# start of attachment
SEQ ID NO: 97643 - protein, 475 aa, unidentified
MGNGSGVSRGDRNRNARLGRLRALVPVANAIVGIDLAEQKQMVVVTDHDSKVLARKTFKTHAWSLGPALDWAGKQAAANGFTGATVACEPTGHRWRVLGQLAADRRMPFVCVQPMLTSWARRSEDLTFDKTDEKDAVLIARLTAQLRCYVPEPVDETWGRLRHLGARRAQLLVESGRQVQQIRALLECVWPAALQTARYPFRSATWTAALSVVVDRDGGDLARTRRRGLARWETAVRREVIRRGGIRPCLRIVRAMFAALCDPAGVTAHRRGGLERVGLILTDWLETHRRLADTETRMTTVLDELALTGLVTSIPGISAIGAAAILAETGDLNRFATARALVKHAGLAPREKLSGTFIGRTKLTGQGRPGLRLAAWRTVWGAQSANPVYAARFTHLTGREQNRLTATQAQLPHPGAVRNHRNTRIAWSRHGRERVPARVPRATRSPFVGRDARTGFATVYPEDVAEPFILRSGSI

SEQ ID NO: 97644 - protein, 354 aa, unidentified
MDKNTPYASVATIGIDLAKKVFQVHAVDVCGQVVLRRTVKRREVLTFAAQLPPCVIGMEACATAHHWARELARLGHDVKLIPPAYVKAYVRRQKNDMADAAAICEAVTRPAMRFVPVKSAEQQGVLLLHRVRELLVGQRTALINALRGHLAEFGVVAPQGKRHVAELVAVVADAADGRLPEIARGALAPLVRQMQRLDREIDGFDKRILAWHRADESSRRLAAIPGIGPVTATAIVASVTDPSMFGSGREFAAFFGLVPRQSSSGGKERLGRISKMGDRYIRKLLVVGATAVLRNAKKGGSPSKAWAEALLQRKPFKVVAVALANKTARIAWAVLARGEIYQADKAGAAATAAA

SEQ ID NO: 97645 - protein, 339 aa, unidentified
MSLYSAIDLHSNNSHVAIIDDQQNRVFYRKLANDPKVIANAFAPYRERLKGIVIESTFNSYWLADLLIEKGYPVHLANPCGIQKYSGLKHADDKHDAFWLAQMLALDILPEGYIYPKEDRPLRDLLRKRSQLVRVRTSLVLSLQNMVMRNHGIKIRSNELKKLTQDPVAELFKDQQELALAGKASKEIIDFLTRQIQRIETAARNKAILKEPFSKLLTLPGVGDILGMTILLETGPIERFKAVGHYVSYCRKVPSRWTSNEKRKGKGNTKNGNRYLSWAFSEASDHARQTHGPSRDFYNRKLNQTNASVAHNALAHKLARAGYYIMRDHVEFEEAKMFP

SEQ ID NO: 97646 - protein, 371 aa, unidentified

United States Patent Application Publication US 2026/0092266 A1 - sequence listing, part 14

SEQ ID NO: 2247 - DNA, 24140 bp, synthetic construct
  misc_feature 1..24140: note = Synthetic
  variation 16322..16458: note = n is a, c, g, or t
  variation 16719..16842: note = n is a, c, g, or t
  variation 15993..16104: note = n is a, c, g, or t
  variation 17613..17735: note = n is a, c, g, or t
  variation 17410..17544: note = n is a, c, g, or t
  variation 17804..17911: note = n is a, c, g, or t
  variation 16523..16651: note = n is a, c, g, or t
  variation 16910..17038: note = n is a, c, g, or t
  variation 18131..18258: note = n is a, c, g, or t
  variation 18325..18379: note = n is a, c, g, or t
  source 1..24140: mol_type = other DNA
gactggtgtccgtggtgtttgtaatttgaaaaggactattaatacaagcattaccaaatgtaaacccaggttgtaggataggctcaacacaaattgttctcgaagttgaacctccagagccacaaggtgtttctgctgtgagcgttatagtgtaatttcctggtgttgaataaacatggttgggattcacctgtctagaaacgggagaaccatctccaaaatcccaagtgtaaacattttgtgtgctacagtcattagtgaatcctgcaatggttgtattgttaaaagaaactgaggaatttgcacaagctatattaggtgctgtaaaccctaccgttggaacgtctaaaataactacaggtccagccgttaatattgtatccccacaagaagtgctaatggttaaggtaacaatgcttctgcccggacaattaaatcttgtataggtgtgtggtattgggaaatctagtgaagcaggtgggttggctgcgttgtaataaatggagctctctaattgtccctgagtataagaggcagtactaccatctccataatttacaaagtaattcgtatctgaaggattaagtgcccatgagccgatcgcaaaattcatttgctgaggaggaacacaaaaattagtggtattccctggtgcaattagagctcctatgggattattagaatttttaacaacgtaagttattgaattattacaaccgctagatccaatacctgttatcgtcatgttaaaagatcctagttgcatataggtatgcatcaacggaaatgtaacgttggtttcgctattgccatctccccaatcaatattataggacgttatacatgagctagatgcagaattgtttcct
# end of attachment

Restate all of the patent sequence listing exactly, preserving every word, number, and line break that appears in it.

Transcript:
SEQ ID NO: 97643 - protein, 475 aa, unidentified
MGNGSGVSRGDRNRNARLGRLRALVPVANAIVGIDLAEQKQMVVVTDHDSKVLARKTFKTHAWSLGPALDWAGKQAAANGFTGATVACEPTGHRWRVLGQLAADRRMPFVCVQPMLTSWARRSEDLTFDKTDEKDAVLIARLTAQLRCYVPEPVDETWGRLRHLGARRAQLLVESGRQVQQIRALLECVWPAALQTARYPFRSATWTAALSVVVDRDGGDLARTRRRGLARWETAVRREVIRRGGIRPCLRIVRAMFAALCDPAGVTAHRRGGLERVGLILTDWLETHRRLADTETRMTTVLDELALTGLVTSIPGISAIGAAAILAETGDLNRFATARALVKHAGLAPREKLSGTFIGRTKLTGQGRPGLRLAAWRTVWGAQSANPVYAARFTHLTGREQNRLTATQAQLPHPGAVRNHRNTRIAWSRHGRERVPARVPRATRSPFVGRDARTGFATVYPEDVAEPFILRSGSI

SEQ ID NO: 97644 - protein, 354 aa, unidentified
MDKNTPYASVATIGIDLAKKVFQVHAVDVCGQVVLRRTVKRREVLTFAAQLPPCVIGMEACATAHHWARELARLGHDVKLIPPAYVKAYVRRQKNDMADAAAICEAVTRPAMRFVPVKSAEQQGVLLLHRVRELLVGQRTALINALRGHLAEFGVVAPQGKRHVAELVAVVADAADGRLPEIARGALAPLVRQMQRLDREIDGFDKRILAWHRADESSRRLAAIPGIGPVTATAIVASVTDPSMFGSGREFAAFFGLVPRQSSSGGKERLGRISKMGDRYIRKLLVVGATAVLRNAKKGGSPSKAWAEALLQRKPFKVVAVALANKTARIAWAVLARGEIYQADKAGAAATAAA

SEQ ID NO: 97645 - protein, 339 aa, unidentified
MSLYSAIDLHSNNSHVAIIDDQQNRVFYRKLANDPKVIANAFAPYRERLKGIVIESTFNSYWLADLLIEKGYPVHLANPCGIQKYSGLKHADDKHDAFWLAQMLALDILPEGYIYPKEDRPLRDLLRKRSQLVRVRTSLVLSLQNMVMRNHGIKIRSNELKKLTQDPVAELFKDQQELALAGKASKEIIDFLTRQIQRIETAARNKAILKEPFSKLLTLPGVGDILGMTILLETGPIERFKAVGHYVSYCRKVPSRWTSNEKRKGKGNTKNGNRYLSWAFSEASDHARQTHGPSRDFYNRKLNQTNASVAHNALAHKLARAGYYIMRDHVEFEEAKMFP

SEQ ID NO: 97646 - protein, 371 aa, unidentified

United States Patent Application Publication US 2026/0092266 A1 - sequence listing, part 14

SEQ ID NO: 2247 - DNA, 24140 bp, synthetic construct
  misc_feature 1..24140: note = Synthetic
  variation 16322..16458: note = n is a, c, g, or t
  variation 16719..16842: note = n is a, c, g, or t
  variation 15993..16104: note = n is a, c, g, or t
  variation 17613..17735: note = n is a, c, g, or t
  variation 17410..17544: note = n is a, c, g, or t
  variation 17804..17911: note = n is a, c, g, or t
  variation 16523..16651: note = n is a, c, g, or t
  variation 16910..17038: note = n is a, c, g, or t
  variation 18131..18258: note = n is a, c, g, or t
  variation 18325..18379: note = n is a, c, g, or t
  source 1..24140: mol_type = other DNA
gactggtgtccgtggtgtttgtaatttgaaaaggactattaatacaagcattaccaaatgtaaacccaggttgtaggataggctcaacacaaattgttctcgaagttgaacctccagagccacaaggtgtttctgctgtgagcgttatagtgtaatttcctggtgttgaataaacatggttgggattcacctgtctagaaacgggagaaccatctccaaaatcccaagtgtaaacattttgtgtgctacagtcattagtgaatcctgcaatggttgtattgttaaaagaaactgaggaatttgcacaagctatattaggtgctgtaaaccctaccgttggaacgtctaaaataactacaggtccagccgttaatattgtatccccacaagaagtgctaatggttaaggtaacaatgcttctgcccggacaattaaatcttgtataggtgtgtggtattgggaaatctagtgaagcaggtgggttggctgcgttgtaataaatggagctctctaattgtccctgagtataagaggcagtactaccatctccataatttacaaagtaattcgtatctgaaggattaagtgcccatgagccgatcgcaaaattcatttgctgaggaggaacacaaaaattagtggtattccctggtgcaattagagctcctatgggattattagaatttttaacaacgtaagttattgaattattacaaccgctagatccaatacctgttatcgtcatgttaaaagatcctagttgcatataggtatgcatcaacggaaatgtaacgttggtttcgctattgccatctccccaatcaatattataggacgttatacatgagctagatgcagaattgtttcct